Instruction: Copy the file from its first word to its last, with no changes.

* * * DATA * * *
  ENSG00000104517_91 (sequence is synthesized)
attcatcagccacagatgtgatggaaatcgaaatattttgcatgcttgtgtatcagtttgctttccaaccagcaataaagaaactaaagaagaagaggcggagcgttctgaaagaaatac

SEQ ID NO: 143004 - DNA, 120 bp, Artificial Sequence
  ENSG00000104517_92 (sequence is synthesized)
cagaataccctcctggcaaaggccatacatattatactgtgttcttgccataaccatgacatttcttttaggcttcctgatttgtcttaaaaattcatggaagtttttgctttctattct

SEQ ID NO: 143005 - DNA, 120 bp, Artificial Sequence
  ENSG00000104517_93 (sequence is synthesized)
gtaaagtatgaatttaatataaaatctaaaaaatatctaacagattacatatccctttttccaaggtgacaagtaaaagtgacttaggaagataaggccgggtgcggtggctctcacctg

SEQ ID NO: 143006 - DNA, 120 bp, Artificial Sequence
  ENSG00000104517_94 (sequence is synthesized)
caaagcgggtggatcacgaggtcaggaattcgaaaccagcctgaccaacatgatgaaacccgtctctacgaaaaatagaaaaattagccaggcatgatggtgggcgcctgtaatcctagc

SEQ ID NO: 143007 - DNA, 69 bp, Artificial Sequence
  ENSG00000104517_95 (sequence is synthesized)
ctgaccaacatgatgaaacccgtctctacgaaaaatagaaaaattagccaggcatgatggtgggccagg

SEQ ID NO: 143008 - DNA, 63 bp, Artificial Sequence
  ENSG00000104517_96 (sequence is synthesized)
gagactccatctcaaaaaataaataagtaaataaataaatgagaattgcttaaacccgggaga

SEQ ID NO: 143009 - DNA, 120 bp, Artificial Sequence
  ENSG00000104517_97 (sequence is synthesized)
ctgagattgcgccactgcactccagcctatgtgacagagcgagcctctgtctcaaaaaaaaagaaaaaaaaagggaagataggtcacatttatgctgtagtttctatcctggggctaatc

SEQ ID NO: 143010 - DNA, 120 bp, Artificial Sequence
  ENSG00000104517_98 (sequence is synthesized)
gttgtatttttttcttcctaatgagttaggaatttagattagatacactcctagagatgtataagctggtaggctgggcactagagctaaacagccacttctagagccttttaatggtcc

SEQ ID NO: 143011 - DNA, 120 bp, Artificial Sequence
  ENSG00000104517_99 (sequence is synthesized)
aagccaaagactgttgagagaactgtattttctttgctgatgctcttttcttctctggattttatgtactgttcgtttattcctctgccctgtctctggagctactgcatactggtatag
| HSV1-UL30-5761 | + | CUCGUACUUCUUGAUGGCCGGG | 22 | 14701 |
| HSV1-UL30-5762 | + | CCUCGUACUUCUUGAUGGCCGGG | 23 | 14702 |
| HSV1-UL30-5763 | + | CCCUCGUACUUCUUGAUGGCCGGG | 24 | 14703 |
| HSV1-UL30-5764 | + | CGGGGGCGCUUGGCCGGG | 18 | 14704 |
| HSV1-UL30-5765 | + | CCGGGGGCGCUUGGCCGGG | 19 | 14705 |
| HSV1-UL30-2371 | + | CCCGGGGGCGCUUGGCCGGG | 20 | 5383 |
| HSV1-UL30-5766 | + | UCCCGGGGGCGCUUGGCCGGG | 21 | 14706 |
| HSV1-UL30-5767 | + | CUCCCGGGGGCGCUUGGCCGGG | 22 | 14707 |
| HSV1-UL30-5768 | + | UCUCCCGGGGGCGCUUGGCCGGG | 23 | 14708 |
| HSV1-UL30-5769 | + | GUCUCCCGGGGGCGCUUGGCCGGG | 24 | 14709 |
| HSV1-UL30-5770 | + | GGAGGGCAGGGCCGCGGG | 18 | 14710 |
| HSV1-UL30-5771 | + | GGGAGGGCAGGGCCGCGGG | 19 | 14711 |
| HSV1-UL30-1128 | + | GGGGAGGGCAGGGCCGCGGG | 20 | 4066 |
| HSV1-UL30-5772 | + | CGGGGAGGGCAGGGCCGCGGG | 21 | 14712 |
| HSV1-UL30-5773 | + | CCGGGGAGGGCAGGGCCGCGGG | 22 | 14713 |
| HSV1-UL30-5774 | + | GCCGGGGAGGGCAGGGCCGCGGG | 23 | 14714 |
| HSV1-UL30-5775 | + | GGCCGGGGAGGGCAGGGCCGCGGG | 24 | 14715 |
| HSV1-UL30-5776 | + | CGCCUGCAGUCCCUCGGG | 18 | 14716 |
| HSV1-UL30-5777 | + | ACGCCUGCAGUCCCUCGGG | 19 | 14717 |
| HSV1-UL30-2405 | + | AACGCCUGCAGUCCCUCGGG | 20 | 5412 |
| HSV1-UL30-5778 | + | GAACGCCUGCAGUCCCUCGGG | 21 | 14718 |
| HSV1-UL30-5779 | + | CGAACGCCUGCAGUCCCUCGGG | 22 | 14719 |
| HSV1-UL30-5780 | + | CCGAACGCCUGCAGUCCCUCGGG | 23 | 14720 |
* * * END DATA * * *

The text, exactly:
  ENSG00000104517_91 (sequence is synthesized)
attcatcagccacagatgtgatggaaatcgaaatattttgcatgcttgtgtatcagtttgctttccaaccagcaataaagaaactaaagaagaagaggcggagcgttctgaaagaaatac

SEQ ID NO: 143004 - DNA, 120 bp, Artificial Sequence
  ENSG00000104517_92 (sequence is synthesized)
cagaataccctcctggcaaaggccatacatattatactgtgttcttgccataaccatgacatttcttttaggcttcctgatttgtcttaaaaattcatggaagtttttgctttctattct

SEQ ID NO: 143005 - DNA, 120 bp, Artificial Sequence
  ENSG00000104517_93 (sequence is synthesized)
gtaaagtatgaatttaatataaaatctaaaaaatatctaacagattacatatccctttttccaaggtgacaagtaaaagtgacttaggaagataaggccgggtgcggtggctctcacctg

SEQ ID NO: 143006 - DNA, 120 bp, Artificial Sequence
  ENSG00000104517_94 (sequence is synthesized)
caaagcgggtggatcacgaggtcaggaattcgaaaccagcctgaccaacatgatgaaacccgtctctacgaaaaatagaaaaattagccaggcatgatggtgggcgcctgtaatcctagc

SEQ ID NO: 143007 - DNA, 69 bp, Artificial Sequence
  ENSG00000104517_95 (sequence is synthesized)
ctgaccaacatgatgaaacccgtctctacgaaaaatagaaaaattagccaggcatgatggtgggccagg

SEQ ID NO: 143008 - DNA, 63 bp, Artificial Sequence
  ENSG00000104517_96 (sequence is synthesized)
gagactccatctcaaaaaataaataagtaaataaataaatgagaattgcttaaacccgggaga

SEQ ID NO: 143009 - DNA, 120 bp, Artificial Sequence
  ENSG00000104517_97 (sequence is synthesized)
ctgagattgcgccactgcactccagcctatgtgacagagcgagcctctgtctcaaaaaaaaagaaaaaaaaagggaagataggtcacatttatgctgtagtttctatcctggggctaatc

SEQ ID NO: 143010 - DNA, 120 bp, Artificial Sequence
  ENSG00000104517_98 (sequence is synthesized)
gttgtatttttttcttcctaatgagttaggaatttagattagatacactcctagagatgtataagctggtaggctgggcactagagctaaacagccacttctagagccttttaatggtcc

SEQ ID NO: 143011 - DNA, 120 bp, Artificial Sequence
  ENSG00000104517_99 (sequence is synthesized)
aagccaaagactgttgagagaactgtattttctttgctgatgctcttttcttctctggattttatgtactgttcgtttattcctctgccctgtctctggagctactgcatactggtatag
| HSV1-UL30-5761 | + | CUCGUACUUCUUGAUGGCCGGG | 22 | 14701 |
| HSV1-UL30-5762 | + | CCUCGUACUUCUUGAUGGCCGGG | 23 | 14702 |
| HSV1-UL30-5763 | + | CCCUCGUACUUCUUGAUGGCCGGG | 24 | 14703 |
| HSV1-UL30-5764 | + | CGGGGGCGCUUGGCCGGG | 18 | 14704 |
| HSV1-UL30-5765 | + | CCGGGGGCGCUUGGCCGGG | 19 | 14705 |
| HSV1-UL30-2371 | + | CCCGGGGGCGCUUGGCCGGG | 20 | 5383 |
| HSV1-UL30-5766 | + | UCCCGGGGGCGCUUGGCCGGG | 21 | 14706 |
| HSV1-UL30-5767 | + | CUCCCGGGGGCGCUUGGCCGGG | 22 | 14707 |
| HSV1-UL30-5768 | + | UCUCCCGGGGGCGCUUGGCCGGG | 23 | 14708 |
| HSV1-UL30-5769 | + | GUCUCCCGGGGGCGCUUGGCCGGG | 24 | 14709 |
| HSV1-UL30-5770 | + | GGAGGGCAGGGCCGCGGG | 18 | 14710 |
| HSV1-UL30-5771 | + | GGGAGGGCAGGGCCGCGGG | 19 | 14711 |
| HSV1-UL30-1128 | + | GGGGAGGGCAGGGCCGCGGG | 20 | 4066 |
| HSV1-UL30-5772 | + | CGGGGAGGGCAGGGCCGCGGG | 21 | 14712 |
| HSV1-UL30-5773 | + | CCGGGGAGGGCAGGGCCGCGGG | 22 | 14713 |
| HSV1-UL30-5774 | + | GCCGGGGAGGGCAGGGCCGCGGG | 23 | 14714 |
| HSV1-UL30-5775 | + | GGCCGGGGAGGGCAGGGCCGCGGG | 24 | 14715 |
| HSV1-UL30-5776 | + | CGCCUGCAGUCCCUCGGG | 18 | 14716 |
| HSV1-UL30-5777 | + | ACGCCUGCAGUCCCUCGGG | 19 | 14717 |
| HSV1-UL30-2405 | + | AACGCCUGCAGUCCCUCGGG | 20 | 5412 |
| HSV1-UL30-5778 | + | GAACGCCUGCAGUCCCUCGGG | 21 | 14718 |
| HSV1-UL30-5779 | + | CGAACGCCUGCAGUCCCUCGGG | 22 | 14719 |
| HSV1-UL30-5780 | + | CCGAACGCCUGCAGUCCCUCGGG | 23 | 14720 |